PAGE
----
Vlambeer’s Luftrausers has not had an easy time of it. Partially due to Vlambeer’s unfortunate luck of having their games cloned, or ripped-off, wholesale by unethical clods and sold by thieves. As evidenced by both Ridiculous Fishing and Luftrausers being copied and sold by game companies that do not deserve to be mentioned, neither the results of their larceny.
Thankfully, Vlambeer was able to trudge onward and finally release the fruits of their labor back in March and it seems that they are finally receiving the credit they deserve.
It should be noted, upfront, that Luftrausers has no real story to speak of. As well it should not for reasons that become fairly evident later on. If anything, it is best described as a monochrome Asteroids in an atmosphere. Except the asteroids shoot back. In fact, everything shoots at the player. There is no reinforcements, no back up, no nothing. Just the sole Rauser* against endless waves of other rausers, jets, gun boats, and more.
Do not despair. The player has a large variety of tools at their disposal. This can be claimed to be a misnomer, as the options that the player has depends on what kind of weapon, what kind of body the Rauser has, and what kind of engine that the player can use. There is a possible 125 possible combinations of these to create a specific Rauser the players can use, each with its own strengths and weaknesses. For example; the heavy body has more health, but is heavier, resulting in lower speed. A prudent choice to use in conjunction with a Heavy Body, should one wish to use it, would be to use the Hover Engine, which renders the player’s rauser nearly immune to gravity.
It should be noted that even with all the possible options to use, it will always come down to the player being able to weave in, out, and around the almost bullet hell amounts of shots the enemy flings at the player. The instructions emphasize that the player has to know when to and when to not use the boost, or stall, in order to throw off the barrage of bullets.
Here is where the game falters slightly. The controls can and will work against the player at the seemingly most inopportune of times. Especially if it is in the middle of attempting to complete missions that are dependent upon which items are used. This makes it pointlessly difficult when attempting to complete all the missions. Granted, there is a reward for completing all of them, however, getting shot down during an attempt to shoot boats using weapons with a low rate of fire at Max combo scoring can be most irritating.
Despite this, there is a large amount of reply value to be found here. Whether it is with the aforementioned combinations of planes, each with their own individual name and variation of the theme song, or the extra hard SFMT mode which turns Luftrausers into a game that would make even the most ardent bullet hell shooter fan weep in defeat.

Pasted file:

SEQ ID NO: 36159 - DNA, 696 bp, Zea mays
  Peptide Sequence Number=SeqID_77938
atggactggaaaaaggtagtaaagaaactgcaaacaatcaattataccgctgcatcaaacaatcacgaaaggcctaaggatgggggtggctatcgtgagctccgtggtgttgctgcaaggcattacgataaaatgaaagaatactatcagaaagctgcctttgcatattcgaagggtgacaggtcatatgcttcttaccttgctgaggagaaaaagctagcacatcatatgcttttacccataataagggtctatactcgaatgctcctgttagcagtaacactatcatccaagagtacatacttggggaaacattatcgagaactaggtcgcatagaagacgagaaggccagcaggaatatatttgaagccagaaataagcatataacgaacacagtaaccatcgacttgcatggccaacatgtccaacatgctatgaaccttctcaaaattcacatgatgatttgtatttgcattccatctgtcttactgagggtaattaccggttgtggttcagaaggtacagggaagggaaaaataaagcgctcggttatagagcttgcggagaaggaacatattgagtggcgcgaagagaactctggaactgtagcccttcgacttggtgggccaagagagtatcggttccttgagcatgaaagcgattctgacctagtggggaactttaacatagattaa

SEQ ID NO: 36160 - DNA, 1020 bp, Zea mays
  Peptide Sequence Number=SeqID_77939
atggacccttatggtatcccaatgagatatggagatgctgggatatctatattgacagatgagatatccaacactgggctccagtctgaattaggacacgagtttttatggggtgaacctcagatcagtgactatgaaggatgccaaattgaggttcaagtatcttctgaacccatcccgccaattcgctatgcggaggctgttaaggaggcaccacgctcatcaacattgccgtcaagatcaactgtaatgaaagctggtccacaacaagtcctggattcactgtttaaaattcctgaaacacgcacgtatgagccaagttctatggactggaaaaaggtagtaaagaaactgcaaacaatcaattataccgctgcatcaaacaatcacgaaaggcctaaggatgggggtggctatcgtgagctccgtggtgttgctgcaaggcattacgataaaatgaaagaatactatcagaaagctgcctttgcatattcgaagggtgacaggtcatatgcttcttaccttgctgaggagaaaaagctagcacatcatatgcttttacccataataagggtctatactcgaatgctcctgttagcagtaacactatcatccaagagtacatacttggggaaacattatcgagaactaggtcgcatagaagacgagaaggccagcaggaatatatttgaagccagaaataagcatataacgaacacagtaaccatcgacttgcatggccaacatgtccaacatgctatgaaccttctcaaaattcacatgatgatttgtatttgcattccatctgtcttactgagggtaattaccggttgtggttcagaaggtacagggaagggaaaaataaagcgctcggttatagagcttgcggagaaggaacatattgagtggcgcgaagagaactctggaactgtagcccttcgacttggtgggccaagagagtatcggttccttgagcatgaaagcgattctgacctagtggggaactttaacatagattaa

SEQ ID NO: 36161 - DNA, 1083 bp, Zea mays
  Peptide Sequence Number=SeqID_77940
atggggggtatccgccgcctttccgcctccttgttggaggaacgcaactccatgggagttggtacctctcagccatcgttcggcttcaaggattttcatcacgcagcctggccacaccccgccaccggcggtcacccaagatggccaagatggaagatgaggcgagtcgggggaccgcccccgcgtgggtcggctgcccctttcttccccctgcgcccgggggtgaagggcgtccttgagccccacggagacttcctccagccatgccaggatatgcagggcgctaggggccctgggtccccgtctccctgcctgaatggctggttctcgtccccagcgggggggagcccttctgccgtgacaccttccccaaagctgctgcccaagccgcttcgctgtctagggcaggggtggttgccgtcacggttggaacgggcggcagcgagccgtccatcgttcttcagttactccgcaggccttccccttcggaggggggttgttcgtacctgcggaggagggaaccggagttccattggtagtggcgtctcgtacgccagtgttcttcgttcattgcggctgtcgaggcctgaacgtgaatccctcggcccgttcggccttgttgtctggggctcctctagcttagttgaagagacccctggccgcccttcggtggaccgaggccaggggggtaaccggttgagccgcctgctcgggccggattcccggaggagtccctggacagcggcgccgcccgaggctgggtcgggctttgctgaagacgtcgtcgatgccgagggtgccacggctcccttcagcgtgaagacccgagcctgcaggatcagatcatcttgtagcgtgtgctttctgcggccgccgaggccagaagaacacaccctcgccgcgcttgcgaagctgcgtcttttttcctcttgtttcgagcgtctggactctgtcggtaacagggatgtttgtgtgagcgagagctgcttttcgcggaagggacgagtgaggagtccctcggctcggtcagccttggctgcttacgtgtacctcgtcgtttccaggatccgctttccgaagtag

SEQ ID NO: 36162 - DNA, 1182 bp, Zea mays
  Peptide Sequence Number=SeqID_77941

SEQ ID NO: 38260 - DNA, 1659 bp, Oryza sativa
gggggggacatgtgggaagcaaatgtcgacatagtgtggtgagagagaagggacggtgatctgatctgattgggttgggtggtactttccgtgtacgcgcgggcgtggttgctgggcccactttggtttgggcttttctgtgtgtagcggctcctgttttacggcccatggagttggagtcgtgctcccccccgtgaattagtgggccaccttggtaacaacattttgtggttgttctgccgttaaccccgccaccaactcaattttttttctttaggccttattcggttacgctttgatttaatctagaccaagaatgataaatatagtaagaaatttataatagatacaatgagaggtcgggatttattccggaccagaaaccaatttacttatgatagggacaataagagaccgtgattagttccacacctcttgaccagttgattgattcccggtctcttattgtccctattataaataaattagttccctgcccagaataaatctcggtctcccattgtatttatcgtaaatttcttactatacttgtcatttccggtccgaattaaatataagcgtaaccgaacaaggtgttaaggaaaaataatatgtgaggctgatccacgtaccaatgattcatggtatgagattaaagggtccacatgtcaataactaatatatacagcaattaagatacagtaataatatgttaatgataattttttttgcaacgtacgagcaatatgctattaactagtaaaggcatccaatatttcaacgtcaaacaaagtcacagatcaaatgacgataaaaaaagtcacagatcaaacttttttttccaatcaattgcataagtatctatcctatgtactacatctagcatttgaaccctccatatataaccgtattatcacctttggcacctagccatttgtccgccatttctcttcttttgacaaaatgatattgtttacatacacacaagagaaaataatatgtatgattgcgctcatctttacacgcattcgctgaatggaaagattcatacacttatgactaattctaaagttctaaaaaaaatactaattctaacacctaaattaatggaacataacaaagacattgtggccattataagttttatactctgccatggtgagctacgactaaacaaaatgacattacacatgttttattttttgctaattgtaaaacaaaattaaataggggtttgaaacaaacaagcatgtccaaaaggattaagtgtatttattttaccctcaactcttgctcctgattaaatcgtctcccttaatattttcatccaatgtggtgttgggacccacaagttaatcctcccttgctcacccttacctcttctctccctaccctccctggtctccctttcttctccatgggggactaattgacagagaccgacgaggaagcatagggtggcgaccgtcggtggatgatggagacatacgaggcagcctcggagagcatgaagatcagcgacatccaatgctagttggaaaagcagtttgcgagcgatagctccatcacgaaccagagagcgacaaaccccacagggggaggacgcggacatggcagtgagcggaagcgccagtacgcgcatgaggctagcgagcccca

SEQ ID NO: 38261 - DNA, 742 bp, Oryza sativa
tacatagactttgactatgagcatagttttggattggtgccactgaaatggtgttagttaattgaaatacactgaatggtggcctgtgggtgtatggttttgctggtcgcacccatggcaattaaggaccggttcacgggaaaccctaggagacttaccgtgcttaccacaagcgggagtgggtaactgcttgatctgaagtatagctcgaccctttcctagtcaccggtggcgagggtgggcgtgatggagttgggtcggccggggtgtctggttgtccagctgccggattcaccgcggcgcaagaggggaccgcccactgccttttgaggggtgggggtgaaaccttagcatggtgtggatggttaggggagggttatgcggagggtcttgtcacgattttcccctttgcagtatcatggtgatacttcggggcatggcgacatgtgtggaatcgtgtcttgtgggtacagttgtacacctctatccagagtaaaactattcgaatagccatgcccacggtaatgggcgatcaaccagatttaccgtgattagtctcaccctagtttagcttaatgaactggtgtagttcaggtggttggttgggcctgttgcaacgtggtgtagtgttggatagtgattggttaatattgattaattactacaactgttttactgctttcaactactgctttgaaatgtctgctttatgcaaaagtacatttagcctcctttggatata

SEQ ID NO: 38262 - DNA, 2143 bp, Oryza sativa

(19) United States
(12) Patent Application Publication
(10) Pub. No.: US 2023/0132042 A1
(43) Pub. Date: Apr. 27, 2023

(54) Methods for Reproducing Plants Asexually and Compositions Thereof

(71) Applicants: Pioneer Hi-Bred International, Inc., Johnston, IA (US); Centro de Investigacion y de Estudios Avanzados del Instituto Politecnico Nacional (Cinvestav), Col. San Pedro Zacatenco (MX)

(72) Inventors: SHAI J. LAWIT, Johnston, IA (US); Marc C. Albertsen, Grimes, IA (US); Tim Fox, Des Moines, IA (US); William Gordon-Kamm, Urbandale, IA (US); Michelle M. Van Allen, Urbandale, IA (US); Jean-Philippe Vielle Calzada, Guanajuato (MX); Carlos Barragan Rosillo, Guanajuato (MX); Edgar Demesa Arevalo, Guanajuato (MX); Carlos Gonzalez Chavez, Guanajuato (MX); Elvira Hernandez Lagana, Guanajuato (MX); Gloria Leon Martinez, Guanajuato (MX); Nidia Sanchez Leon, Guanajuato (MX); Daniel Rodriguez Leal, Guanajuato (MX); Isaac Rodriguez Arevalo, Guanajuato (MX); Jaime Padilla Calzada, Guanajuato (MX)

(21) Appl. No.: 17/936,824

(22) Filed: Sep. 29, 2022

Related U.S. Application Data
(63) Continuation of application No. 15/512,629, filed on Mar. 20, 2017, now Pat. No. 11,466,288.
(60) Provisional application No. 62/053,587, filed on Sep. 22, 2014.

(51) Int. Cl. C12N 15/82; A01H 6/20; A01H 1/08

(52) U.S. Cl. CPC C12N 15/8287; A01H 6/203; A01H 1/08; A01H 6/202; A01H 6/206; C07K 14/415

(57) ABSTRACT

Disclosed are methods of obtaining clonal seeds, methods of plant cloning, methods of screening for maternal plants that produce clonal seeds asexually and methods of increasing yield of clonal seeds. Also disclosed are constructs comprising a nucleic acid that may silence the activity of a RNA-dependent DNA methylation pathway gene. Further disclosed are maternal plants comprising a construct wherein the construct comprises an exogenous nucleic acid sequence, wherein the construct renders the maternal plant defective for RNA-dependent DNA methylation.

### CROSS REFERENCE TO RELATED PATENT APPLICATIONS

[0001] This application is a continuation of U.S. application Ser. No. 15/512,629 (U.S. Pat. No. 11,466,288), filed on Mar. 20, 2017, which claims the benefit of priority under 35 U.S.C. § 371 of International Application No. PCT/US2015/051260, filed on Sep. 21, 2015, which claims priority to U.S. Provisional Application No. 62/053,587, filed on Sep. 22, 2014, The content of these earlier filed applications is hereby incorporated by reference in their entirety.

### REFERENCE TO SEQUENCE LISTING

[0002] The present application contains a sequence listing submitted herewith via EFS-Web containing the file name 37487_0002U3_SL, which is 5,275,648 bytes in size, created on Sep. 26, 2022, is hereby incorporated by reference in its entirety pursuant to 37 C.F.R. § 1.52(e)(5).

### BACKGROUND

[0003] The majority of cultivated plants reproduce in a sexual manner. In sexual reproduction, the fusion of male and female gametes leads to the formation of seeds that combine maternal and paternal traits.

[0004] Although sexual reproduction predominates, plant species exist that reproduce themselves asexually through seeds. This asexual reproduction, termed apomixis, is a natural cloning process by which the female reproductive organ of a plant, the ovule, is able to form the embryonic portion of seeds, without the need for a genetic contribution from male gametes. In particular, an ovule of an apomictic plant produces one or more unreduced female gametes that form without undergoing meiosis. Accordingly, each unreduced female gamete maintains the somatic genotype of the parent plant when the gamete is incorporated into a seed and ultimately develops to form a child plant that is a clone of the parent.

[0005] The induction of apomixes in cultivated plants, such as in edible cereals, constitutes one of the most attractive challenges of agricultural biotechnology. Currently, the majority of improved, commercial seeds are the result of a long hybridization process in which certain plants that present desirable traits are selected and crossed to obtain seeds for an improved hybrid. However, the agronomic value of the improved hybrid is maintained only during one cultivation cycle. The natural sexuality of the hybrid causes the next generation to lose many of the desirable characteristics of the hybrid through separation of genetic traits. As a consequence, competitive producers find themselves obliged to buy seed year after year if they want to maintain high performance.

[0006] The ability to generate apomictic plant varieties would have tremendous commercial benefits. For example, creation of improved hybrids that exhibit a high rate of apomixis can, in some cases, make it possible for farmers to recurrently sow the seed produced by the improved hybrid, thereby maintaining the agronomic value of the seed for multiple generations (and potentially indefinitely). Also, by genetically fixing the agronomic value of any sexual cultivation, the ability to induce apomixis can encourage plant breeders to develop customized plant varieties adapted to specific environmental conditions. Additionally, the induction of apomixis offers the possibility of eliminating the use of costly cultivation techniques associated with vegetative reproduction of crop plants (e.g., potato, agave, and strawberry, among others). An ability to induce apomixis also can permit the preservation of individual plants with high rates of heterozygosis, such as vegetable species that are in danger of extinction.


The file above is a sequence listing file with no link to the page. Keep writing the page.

Which leads to another point that some combinations of aircraft are more effective at maintaining the combo meter than others. The missile launcher, mentioned earlier, can only fire four missiles at any given time. Which means that the player has to be more judicial about how and when they use them. And while they are seeking missiles, they often race to targets that are not intended and it can lead into a situation where there are no additional shots that can be taken while trying to keep the combo
The World War II fighter aesthetic also came with a few problems of its own. There were concerns raised about the player being a Nazi pilot, given the designs of the characters, it is a bit unusual to see. Even an antagonist, whom is briefly seen, bears a resemblance to Winston Churchill. Thankfully, Rami Ismail, one of the two people that comprise Vlambeer, was able to address the concerns and even speak about the nature of creativity and the need for real critical thought in its inspirations and criticism.
That being said, Luftrausers’ faults are not as numerous as its many things it does right. There are only four buttons to use; fire, boost, left turn, and right turn. This results in the controls being tight. It gives the same feeling of playing the arcade games of the 1980s, where a Saturday would be spent with a pocket full of saved quarters to get that ever so elusive high score. The sheer brutality of the AI is a reminder that it is a good thing certain companies do not charge for individual plays for games like they did in the arcades with their arbitrary increased difficulty to acquire more quarters from the playerbase. Yet.
Overall, Luftrausers is worth the price it is asking for. It is not a perfect game and, to the game’s detriment, the difficulty can be an obstacle to some. However, this can be overcome and with enough practice to acquire the final secret which would make all the failed missions beforehand all the more worth it.
*Rauser, despite sounding German, is not a real German word.